A Name for the Foul Poles
With the recent election of Andre Dawson into the Hall of Fame (and the subsequent Cubs' offer to retire his number, if enshrined as a Cub), I began to think about a certain Cub -- my favorite Cub -- whom I feel deserves a flag next to Mr. Maddux's and Mr. Santo's:
Mordecai Peter Centennial Brown
Mordecai "Three Finger" Brown, who's right hand (the astute reader will note) graces the top of this blog, was severely injured as a youth, getting his hand caught in a feed chopper and then crushed shortly thereafter. The misshapen hand eventually resulted in Mordecai's uncanny ability to throw some serious twirlies.
Follow through the jump to find out why he deserves that flag.
For the traditionalist (i.e. the non-sabermetrician), Mordecai Brown is significant to us for:
1.) pitching in 6 World Series games, winning 4 of them.
2.) culling together 8 consecutive 15+ win seasons, and 6 consecutive 20+ win seasons.
3.) pitching 55 career shutouts (what?!).
4.) winning the 1911 MVP (and another one in 1913 with the Reds).
5.) having the 56th most wins in MLB history with 239 (that's more than Sandy Koufax, Rick Reuschel, and John Smoltz -- who has been a closer part of his career).
6.) being elected into the Hall of Fame.
All of this, he accomplished, in a career shortened by a late entry into the majors (he wasn't signed in the minors until 1901, at the age of 25, and broke into the majors by 1903). For an excellent read on his amazing story, Bleed Cubbie Blue has a great (though undocumented) history.
Now, for the sabermetrician:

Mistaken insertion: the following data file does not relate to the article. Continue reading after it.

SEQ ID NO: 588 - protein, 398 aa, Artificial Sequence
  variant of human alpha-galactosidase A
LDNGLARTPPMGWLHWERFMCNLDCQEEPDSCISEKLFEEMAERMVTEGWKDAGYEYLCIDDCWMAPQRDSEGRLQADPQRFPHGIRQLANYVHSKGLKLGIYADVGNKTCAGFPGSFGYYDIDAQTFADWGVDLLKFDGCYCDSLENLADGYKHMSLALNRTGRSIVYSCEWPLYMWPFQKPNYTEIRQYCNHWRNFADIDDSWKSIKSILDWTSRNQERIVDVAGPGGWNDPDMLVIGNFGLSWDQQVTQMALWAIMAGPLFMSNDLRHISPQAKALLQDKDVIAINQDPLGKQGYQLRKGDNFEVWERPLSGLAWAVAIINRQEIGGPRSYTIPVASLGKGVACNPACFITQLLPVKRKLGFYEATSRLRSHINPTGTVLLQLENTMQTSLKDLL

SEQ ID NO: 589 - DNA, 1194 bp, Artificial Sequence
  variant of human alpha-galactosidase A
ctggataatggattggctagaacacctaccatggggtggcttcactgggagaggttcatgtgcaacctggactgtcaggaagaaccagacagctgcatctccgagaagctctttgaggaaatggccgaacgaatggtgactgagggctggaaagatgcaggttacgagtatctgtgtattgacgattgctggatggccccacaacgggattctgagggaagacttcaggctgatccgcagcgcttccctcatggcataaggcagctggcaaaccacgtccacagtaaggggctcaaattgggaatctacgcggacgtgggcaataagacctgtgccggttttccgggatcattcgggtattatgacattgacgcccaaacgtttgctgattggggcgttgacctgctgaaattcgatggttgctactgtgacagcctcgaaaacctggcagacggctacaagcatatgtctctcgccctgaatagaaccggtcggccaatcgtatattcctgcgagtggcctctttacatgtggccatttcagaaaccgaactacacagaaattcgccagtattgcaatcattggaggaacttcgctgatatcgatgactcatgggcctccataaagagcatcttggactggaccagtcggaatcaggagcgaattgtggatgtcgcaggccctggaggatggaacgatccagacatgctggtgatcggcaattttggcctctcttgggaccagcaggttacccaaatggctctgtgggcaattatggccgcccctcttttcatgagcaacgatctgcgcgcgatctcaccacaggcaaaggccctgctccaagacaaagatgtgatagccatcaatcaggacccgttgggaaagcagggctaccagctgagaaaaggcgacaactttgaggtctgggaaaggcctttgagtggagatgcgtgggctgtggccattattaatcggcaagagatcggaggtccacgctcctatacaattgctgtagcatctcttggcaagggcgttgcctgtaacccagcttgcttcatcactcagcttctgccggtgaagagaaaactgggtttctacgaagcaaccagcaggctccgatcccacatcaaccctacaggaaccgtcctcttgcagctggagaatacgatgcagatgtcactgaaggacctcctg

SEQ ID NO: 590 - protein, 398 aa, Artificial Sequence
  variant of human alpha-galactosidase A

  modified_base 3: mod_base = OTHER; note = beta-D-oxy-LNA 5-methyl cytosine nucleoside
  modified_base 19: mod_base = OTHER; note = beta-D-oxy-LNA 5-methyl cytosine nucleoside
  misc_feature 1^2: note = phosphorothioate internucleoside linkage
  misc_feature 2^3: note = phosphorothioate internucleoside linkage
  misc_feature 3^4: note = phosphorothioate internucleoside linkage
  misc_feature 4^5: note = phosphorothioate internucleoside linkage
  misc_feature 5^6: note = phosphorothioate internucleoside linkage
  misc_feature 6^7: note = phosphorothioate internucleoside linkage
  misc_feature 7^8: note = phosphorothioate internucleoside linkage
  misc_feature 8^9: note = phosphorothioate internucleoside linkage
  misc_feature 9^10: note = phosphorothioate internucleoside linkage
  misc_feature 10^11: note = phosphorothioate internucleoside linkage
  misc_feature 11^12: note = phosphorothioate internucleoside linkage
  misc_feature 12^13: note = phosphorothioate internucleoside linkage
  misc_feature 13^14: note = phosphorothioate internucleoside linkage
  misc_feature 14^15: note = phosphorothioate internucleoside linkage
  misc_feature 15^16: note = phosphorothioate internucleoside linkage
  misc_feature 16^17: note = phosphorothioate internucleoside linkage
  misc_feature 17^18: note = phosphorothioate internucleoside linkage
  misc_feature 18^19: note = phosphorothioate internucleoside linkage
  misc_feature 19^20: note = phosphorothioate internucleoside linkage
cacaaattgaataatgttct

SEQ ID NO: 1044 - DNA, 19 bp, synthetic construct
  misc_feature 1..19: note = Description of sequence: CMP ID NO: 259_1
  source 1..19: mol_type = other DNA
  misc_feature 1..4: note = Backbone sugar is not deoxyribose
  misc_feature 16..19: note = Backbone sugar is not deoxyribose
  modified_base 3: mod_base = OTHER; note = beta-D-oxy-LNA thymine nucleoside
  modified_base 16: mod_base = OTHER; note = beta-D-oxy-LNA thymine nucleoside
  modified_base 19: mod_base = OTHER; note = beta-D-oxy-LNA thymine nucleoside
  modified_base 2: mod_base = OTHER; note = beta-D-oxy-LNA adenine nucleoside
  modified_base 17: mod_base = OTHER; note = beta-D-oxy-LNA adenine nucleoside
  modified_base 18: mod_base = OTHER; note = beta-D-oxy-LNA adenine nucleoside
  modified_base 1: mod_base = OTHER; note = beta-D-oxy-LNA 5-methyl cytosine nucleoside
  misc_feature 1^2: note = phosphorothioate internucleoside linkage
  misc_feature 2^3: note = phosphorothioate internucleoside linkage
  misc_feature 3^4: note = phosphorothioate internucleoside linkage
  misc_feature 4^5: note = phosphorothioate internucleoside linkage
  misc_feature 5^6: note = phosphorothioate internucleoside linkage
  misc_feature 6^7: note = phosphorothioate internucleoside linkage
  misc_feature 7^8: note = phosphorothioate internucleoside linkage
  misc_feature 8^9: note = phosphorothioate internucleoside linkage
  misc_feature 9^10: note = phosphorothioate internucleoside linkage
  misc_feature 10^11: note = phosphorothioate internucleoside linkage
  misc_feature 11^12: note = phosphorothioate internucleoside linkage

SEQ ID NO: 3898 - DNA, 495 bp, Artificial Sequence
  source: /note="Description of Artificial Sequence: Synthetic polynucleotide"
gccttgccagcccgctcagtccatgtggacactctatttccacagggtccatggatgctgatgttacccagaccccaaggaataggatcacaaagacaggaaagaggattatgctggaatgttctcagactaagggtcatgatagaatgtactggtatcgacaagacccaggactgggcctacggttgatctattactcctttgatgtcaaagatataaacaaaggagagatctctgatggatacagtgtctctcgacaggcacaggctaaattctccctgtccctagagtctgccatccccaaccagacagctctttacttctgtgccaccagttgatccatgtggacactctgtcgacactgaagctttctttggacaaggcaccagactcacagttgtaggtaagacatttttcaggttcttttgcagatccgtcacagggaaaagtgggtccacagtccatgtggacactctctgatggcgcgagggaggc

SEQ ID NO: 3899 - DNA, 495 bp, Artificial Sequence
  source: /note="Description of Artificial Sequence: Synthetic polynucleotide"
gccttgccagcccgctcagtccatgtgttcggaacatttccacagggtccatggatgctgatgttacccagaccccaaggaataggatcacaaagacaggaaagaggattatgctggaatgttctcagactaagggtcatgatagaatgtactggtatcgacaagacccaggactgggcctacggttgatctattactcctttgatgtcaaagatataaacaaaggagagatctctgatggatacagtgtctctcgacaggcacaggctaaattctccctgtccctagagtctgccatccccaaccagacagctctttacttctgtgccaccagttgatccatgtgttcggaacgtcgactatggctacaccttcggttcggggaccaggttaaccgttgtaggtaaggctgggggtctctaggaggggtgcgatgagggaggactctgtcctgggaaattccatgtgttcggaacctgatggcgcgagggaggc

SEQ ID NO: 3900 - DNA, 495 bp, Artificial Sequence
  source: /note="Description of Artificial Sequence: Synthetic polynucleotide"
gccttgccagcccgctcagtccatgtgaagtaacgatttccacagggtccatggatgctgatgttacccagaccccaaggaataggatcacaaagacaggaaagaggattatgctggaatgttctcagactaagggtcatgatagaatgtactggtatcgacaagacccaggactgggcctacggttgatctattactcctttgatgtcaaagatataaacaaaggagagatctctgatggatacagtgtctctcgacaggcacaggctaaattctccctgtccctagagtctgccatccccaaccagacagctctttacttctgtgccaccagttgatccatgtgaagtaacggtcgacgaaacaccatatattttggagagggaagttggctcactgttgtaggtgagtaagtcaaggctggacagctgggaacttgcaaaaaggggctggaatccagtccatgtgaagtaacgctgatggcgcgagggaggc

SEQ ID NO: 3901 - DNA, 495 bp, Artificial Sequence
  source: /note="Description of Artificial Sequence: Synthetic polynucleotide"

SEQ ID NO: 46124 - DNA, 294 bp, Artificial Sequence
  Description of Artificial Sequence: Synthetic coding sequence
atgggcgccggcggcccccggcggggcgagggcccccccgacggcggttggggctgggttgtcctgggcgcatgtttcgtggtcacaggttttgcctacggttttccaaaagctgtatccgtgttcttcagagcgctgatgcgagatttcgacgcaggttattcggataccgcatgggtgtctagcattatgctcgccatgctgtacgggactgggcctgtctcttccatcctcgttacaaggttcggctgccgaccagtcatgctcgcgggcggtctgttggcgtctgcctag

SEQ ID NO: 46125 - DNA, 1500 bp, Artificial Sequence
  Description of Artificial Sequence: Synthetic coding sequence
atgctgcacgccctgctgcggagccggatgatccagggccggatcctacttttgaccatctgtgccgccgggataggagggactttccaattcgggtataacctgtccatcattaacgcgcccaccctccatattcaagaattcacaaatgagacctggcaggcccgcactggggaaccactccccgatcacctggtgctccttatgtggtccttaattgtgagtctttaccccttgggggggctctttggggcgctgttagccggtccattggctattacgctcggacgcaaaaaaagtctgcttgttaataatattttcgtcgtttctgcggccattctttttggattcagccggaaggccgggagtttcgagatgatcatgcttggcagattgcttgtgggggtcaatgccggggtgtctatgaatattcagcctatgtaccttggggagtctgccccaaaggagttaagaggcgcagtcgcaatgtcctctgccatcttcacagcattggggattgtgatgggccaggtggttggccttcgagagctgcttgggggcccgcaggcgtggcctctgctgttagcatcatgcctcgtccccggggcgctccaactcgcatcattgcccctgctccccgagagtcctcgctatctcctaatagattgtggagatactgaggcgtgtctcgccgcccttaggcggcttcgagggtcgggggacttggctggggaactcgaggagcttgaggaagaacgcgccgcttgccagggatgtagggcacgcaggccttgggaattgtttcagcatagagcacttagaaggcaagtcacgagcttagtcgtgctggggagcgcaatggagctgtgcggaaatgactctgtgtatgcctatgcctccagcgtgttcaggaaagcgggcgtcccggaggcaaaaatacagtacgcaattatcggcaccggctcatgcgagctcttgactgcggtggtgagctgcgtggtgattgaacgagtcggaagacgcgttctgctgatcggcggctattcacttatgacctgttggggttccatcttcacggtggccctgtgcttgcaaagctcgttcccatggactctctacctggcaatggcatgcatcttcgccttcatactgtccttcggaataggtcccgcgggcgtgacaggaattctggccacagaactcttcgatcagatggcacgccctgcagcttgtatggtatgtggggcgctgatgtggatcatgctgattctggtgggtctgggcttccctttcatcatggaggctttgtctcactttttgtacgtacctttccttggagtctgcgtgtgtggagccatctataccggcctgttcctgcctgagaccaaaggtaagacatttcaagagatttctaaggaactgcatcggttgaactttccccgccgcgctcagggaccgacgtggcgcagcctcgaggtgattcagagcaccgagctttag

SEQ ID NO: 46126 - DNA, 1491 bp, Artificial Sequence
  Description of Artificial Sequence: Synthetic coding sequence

How do we examine the true value of a Dead-Ball Era pitcher? In this period, even I could have won a dozen games (and lost 30). Well, since we don't have any super-fun stuff like line drive or WAR data, we will have to use FIP (Fielding Independent Pitching, which is calculated using already-available statistics). To avoid the problem of comparing a Dead-Ball Era FIP to more normalized eras, we will examine Brown's percent difference from the league average (let's call it wFIP) and then compare that to the two other starting pitchers on foul poles right now, Greg Maddux and Fergie Jenkins:
This allows us to see not only how excellent these players were in their careers (Career wFIP), but also during their tenure with the Cubs (Cubs wFIP).
Without the need of introduction, Greg Maddux was/is good. I mean, really good. However, with the Cubs, Mordecai was better. Over the course of his whole career, even, Mordecai was better the Jenkins (as compared to their peers).
Does this mean Mordecai should get a flag waving over Wrigley? I think, unequivocally, yes. More than just a flag, I really think Brown deserves a Disney movie or two!
And here's the real beauty of it all: the Cubs didn't add numbers to their jerseys until the 1930s, so we could sling a Mordecai flag up there and still wear the same numbers as before!
C'mon, Ricketts. Do it.